Tony Stark (Robert Downey Jr.) is the current poster child for cool. Much like Bruce Wayne/Batman, he’s remarkably intelligent (quite possibly a genius) and his bank account has lots of zeroes in it, to the left of the period. But unlike Wayne, Stark doesn’t keep his identity a secret. He believes wholeheartedly that because he and the Iron Man are one being, that he’s untouchable and that his loved ones won’t ever be in trouble, either. And that’s where Iron Man 3 kicks up its new storyline.
Taking place after the events of The Avengers (2012), Stark has developed a case of Post Traumatic Stress Disorder (PTSD). He refuses to believe it but the proof is indisputable. While dining out with his best friend James “Rhodey” Rhodes (Don Cheadle), his senses are suddenly heightened and he receives a panic attack. He jumps into his Iron Man suit and has Jarvis run tests on him; Jarvis concludes that Stark does indeed now suffer from PTSD. In this film, it’s not a gimmick. It doesn’t simply appear whenever it’s convenient (in which it’s never convenient); it appears whenever director/co-writer Shane Black develops Stark’s character further, placing him a recognizably real world and turning him into a relatable human being rather than just a comic book character (which he is).
The plot of this film goes back to a previously non-existent flashback that takes place during the ‘99/‘00 New Year’s Eve, in which Stark meets with an intelligent albeit acned and crippled nerd called Aldrich Killian (Guy Pearce). Killian wants to speak to Stark and Stark, the playboy that he is, characteristically ignores Killian. Fast-forward almost 14 years and Killian now returns as a handsome and terrifically rich scientist who wants to recruit Pepper Pots (Gwyneth Paltrow), now Stark’s woman, into the company that he’d developed throughout the past couple of decades.
Iron Man 3 is a darker film in looks and tone than the previous two films because here, Stark learns of the consequences of running one’s mouth. A terrorist who calls himself The Mandarin (played brilliantly by Sir Ben Kingsley) suddenly appears and makes murderous threats on live television, blocking out current broadcasts; he seems to have come straight out of the Al Qaeda school for terrorists. When Stark takes things to heart, he reveals to The Mandarin, also on live television, what his actual home address is and awaits an attack. Well, he gets one. As a result, his home is destroyed; all of his previous Iron Man suits (in which there are now 42 versions available) are buried deep beneath tons of concrete and rubble; Pepper’s life is at risk; and Stark ends up on the opposite side of the continent having to “find” himself.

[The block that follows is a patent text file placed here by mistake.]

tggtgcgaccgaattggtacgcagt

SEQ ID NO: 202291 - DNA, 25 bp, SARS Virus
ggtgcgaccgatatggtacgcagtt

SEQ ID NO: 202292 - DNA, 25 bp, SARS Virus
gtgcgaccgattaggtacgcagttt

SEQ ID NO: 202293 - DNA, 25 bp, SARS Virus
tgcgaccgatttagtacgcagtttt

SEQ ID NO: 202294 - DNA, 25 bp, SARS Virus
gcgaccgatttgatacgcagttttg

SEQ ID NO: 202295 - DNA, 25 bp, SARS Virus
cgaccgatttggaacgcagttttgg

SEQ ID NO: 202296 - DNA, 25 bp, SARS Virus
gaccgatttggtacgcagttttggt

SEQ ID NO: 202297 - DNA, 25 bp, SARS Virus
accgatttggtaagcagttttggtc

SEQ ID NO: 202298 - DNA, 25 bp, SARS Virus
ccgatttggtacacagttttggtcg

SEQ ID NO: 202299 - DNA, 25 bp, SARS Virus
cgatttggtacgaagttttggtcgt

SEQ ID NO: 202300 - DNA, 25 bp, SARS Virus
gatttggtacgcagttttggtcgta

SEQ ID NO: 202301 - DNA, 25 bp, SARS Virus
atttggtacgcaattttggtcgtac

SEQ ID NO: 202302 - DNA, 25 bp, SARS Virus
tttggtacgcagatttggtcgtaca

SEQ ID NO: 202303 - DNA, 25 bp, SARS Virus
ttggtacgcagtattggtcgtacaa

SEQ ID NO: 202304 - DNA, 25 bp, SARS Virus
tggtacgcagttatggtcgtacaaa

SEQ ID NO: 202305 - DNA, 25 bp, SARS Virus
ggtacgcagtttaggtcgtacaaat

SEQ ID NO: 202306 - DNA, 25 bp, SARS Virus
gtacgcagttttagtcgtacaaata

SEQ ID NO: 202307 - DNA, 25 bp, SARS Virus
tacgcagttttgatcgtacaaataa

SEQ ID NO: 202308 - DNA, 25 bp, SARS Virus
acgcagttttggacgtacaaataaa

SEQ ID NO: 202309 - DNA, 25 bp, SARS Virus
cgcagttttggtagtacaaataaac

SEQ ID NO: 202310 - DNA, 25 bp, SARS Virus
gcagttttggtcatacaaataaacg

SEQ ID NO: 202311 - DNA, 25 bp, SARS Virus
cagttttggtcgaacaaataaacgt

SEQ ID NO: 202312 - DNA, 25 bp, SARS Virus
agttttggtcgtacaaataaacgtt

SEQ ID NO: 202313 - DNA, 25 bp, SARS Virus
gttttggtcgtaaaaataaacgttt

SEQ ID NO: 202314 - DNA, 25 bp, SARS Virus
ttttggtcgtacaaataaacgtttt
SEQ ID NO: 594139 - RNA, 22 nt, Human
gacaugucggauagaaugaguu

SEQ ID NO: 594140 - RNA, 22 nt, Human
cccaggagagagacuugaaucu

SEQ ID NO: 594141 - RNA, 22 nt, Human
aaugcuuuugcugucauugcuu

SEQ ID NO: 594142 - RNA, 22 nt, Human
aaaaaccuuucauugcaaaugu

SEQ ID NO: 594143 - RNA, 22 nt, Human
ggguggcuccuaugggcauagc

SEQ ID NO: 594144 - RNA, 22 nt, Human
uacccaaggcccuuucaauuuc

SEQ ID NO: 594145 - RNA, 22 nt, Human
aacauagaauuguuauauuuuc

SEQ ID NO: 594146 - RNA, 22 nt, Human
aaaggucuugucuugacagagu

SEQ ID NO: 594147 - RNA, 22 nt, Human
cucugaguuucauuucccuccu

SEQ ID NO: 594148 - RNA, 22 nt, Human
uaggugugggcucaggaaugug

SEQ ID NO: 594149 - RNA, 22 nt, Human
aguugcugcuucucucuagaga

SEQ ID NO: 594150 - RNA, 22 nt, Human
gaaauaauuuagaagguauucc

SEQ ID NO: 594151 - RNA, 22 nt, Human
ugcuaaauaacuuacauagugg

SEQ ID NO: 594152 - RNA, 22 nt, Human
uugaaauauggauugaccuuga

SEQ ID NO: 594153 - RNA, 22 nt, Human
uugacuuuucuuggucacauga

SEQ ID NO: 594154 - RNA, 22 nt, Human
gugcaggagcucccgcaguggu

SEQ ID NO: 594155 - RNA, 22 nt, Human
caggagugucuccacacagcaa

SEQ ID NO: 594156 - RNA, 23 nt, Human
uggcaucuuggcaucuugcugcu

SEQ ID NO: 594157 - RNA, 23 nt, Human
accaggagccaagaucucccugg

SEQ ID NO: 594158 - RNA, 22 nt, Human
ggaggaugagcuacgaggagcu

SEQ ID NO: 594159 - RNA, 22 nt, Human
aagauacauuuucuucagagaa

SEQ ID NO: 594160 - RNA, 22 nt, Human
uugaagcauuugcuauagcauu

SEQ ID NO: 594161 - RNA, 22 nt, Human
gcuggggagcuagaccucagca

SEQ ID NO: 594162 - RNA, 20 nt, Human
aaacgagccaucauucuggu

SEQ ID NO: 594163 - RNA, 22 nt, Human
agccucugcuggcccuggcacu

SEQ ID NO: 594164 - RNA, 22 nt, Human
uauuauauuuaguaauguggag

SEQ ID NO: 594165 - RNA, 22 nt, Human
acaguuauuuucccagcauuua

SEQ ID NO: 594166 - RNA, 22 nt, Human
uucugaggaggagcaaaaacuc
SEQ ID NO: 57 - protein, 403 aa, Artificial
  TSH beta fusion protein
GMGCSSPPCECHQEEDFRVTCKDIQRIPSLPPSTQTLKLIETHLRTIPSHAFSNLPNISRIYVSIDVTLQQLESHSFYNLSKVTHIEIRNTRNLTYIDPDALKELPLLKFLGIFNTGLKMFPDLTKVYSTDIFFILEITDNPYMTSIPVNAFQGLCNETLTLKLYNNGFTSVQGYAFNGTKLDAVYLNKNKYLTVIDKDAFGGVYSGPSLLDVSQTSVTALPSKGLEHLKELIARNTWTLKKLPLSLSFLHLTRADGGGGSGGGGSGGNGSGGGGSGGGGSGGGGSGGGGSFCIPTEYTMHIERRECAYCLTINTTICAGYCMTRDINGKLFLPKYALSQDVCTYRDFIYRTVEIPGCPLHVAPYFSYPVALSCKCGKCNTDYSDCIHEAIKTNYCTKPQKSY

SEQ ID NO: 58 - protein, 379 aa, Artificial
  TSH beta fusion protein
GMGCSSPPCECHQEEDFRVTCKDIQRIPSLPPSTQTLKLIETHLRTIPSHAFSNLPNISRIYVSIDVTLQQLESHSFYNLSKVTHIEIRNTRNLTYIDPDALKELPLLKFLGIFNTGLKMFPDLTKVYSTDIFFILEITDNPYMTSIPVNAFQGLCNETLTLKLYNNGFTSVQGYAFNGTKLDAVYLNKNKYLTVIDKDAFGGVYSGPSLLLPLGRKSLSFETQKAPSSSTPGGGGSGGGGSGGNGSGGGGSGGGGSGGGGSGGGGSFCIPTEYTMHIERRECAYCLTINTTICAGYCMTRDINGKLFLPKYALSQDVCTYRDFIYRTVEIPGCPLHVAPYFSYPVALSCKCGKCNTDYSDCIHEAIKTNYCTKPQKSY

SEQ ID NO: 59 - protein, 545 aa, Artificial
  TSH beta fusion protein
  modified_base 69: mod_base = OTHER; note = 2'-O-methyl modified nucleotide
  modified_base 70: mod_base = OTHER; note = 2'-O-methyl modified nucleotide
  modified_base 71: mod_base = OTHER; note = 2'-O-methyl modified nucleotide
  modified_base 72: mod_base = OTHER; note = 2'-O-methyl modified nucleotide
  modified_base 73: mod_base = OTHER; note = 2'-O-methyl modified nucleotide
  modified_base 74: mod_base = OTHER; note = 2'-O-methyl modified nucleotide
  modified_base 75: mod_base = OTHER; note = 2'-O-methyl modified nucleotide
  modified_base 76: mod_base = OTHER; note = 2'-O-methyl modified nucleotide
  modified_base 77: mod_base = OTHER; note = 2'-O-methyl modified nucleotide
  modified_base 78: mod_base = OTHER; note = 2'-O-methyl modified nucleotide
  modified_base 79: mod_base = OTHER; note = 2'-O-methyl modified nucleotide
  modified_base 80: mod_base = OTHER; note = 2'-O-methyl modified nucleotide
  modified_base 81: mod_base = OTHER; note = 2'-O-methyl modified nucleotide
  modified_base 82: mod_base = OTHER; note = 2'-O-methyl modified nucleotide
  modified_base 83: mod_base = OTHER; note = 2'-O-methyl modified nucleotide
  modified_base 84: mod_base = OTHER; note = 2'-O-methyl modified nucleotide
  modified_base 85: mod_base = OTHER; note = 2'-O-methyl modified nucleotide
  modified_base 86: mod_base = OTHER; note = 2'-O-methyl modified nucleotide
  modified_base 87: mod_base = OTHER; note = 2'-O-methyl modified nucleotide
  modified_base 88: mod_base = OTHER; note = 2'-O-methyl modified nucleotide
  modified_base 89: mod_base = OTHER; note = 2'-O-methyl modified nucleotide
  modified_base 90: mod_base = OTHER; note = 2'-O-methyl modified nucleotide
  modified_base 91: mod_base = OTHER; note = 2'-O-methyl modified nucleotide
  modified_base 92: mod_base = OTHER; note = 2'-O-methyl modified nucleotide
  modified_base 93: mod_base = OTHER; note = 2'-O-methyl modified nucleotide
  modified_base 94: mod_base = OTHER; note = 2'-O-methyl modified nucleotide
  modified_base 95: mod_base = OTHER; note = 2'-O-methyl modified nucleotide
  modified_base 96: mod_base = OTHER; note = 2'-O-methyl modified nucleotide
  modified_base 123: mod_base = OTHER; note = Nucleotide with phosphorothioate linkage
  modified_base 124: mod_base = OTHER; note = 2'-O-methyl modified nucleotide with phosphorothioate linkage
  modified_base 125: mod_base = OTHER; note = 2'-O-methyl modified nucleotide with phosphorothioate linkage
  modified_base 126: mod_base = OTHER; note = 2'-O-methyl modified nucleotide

The film juggles the notion of terrorism and the puppeteering that’s behind it; the secret identity of a superhero and why its secrecy is important; and the importance of paying attention even when the topic or the speaker is really boring. Stark, here, is even more fascinating than ever before. Throughout the middle of film he’s teamed up with a young kid who acts as catalyst for what’s wrong with him [Stark]. He learns why he’s developed PTSD; learns why he’d built 42 versions of the Iron Man suit and why he can’t sleep at night; and also figures out what’s going on with the new and improved version of Killian.
Then there’s The Mandarin. I won’t say anything except that Kingsley’s personification of the character is beyond impressive, and often hilarious. And when the “special moment” comes, you’ll dig it quite a lot.
I love Iron Man (2008) for its near-perfection and its similarities to the great Batman Begins (2005); I dislike Iron Man 2, for reasons that can be found in my (and Helen’s) theatrical review of it (found here); and I like Iron Man 3 quite a lot. Downey Jr. delivers an excellent, multi-layered performance, and a very realistic depiction of a person who suffers from PTSD; Kingsley is utterly wonderful; Pearce and Paltrow delivers great work, as well; and the reteaming of Downey Jr. and Shane Black (Kiss Kiss Bang Bang (2005), their first and terrifically excellent teaming) is more than welcome.
Yes, Iron Man 3 made lots of money and yes, the CG and other special effects are terrific to look at (as can be expected from ILM). But this is a very good film mostly for its rapid-fire, Howard Hawkes-like dialogue and the further development of the terrifically entertaining Tony Stark. Shane Black proves that he can visually and excitingly tackle the action/superhero film genre and his camera work is mostly really good. But the way in which the story centers on its characters and their actions rather than just the plot elevates Iron Man 3 from “good action flick” to “really, really good film”.
It’s fun, it’s funny, and it’s often exciting. I can’t wait for more of Stark’s adventures with or without the Iron Man suit.
There are several interesting special features but most importantly is the Audio Commentary that contains director/co-writer Shane Black and co-writer Drew Pearce.